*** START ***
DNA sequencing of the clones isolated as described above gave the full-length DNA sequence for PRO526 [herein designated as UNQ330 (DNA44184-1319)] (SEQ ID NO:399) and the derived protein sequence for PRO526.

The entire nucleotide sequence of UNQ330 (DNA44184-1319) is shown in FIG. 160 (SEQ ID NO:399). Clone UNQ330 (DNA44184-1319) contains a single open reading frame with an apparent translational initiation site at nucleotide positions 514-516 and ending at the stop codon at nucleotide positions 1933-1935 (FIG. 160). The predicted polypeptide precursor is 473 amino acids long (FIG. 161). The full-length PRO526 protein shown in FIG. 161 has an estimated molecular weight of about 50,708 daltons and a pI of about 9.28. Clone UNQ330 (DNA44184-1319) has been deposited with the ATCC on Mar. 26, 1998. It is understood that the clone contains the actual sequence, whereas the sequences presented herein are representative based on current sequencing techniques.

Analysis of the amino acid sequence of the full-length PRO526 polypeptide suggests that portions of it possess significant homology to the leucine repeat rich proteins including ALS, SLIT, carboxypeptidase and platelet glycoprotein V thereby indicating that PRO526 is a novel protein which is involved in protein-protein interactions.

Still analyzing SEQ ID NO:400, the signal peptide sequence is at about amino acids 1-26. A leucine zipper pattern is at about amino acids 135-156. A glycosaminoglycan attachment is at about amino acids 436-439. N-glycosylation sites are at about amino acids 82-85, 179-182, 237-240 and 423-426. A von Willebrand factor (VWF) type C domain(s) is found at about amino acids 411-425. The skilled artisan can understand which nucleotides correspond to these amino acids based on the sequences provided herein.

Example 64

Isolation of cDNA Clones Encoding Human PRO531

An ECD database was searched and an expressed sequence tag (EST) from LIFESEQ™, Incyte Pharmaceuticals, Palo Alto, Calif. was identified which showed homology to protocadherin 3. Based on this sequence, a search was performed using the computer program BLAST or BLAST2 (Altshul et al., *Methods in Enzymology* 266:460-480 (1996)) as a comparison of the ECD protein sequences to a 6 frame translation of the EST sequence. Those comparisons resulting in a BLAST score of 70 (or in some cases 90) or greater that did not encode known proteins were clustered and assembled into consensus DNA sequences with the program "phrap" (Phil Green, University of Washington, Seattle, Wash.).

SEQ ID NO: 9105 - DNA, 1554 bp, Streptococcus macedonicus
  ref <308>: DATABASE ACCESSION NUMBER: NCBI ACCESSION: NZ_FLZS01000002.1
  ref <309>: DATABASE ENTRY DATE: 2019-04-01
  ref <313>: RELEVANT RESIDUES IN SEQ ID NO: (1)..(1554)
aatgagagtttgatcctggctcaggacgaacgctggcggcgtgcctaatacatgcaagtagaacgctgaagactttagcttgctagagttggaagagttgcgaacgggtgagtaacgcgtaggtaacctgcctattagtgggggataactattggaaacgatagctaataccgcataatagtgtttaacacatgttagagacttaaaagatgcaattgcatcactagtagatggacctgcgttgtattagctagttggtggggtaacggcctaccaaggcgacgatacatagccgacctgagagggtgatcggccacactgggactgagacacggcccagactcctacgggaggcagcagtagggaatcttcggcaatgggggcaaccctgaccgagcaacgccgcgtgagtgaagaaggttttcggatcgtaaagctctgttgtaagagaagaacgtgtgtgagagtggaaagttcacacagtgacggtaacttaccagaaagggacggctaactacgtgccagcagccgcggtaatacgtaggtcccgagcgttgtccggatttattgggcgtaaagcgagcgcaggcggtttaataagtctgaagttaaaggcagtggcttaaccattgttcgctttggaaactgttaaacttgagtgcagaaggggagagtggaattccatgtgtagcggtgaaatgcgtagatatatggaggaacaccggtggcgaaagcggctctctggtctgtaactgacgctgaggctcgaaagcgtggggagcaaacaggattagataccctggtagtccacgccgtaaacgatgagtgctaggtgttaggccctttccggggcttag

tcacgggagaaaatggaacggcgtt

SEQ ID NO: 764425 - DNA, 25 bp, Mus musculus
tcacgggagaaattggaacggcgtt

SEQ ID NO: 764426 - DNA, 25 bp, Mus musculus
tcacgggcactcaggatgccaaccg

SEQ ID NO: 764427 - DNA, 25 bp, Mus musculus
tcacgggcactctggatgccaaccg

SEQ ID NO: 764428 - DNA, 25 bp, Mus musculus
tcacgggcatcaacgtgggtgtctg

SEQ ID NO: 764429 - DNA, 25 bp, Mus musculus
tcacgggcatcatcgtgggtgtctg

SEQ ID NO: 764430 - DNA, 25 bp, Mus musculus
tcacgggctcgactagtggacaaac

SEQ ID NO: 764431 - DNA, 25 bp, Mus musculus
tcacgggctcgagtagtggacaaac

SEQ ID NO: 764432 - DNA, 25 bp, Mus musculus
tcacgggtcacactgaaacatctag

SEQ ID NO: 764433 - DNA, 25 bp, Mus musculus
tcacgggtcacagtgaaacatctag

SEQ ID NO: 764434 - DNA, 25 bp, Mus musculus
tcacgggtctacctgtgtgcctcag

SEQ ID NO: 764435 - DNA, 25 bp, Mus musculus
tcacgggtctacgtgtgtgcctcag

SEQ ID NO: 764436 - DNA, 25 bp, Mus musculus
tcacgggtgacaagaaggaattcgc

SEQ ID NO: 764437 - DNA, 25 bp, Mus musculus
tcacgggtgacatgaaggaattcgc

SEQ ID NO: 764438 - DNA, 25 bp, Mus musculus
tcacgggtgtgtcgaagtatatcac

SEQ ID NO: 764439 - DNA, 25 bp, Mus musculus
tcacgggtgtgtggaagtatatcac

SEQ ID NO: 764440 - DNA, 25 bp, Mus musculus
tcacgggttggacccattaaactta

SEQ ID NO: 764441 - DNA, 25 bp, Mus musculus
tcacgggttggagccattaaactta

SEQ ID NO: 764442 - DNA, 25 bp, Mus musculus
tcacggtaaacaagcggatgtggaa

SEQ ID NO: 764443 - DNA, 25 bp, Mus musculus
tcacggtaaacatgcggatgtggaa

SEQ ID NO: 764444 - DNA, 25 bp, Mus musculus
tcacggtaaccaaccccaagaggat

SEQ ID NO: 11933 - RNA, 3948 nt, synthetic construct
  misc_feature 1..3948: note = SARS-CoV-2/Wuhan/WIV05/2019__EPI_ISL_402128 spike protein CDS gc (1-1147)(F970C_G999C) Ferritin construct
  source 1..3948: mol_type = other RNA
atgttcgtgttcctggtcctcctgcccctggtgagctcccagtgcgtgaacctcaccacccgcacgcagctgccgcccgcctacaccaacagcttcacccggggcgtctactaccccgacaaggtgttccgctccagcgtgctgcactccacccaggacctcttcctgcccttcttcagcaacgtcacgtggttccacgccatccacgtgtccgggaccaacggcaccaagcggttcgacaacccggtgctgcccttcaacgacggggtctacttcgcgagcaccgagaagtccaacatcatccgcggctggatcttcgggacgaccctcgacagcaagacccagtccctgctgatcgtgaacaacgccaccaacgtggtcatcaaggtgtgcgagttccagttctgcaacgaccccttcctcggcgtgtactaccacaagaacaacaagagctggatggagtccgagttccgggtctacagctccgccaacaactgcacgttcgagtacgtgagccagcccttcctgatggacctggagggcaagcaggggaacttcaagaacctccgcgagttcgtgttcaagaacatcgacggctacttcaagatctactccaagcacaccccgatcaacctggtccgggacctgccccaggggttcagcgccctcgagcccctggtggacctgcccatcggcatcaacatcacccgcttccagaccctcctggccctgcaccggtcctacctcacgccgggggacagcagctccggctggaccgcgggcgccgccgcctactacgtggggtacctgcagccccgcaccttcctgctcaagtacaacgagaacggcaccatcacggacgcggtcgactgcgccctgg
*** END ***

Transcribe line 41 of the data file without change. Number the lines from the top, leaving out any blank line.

tcacgggtgtgtcgaagtatatcac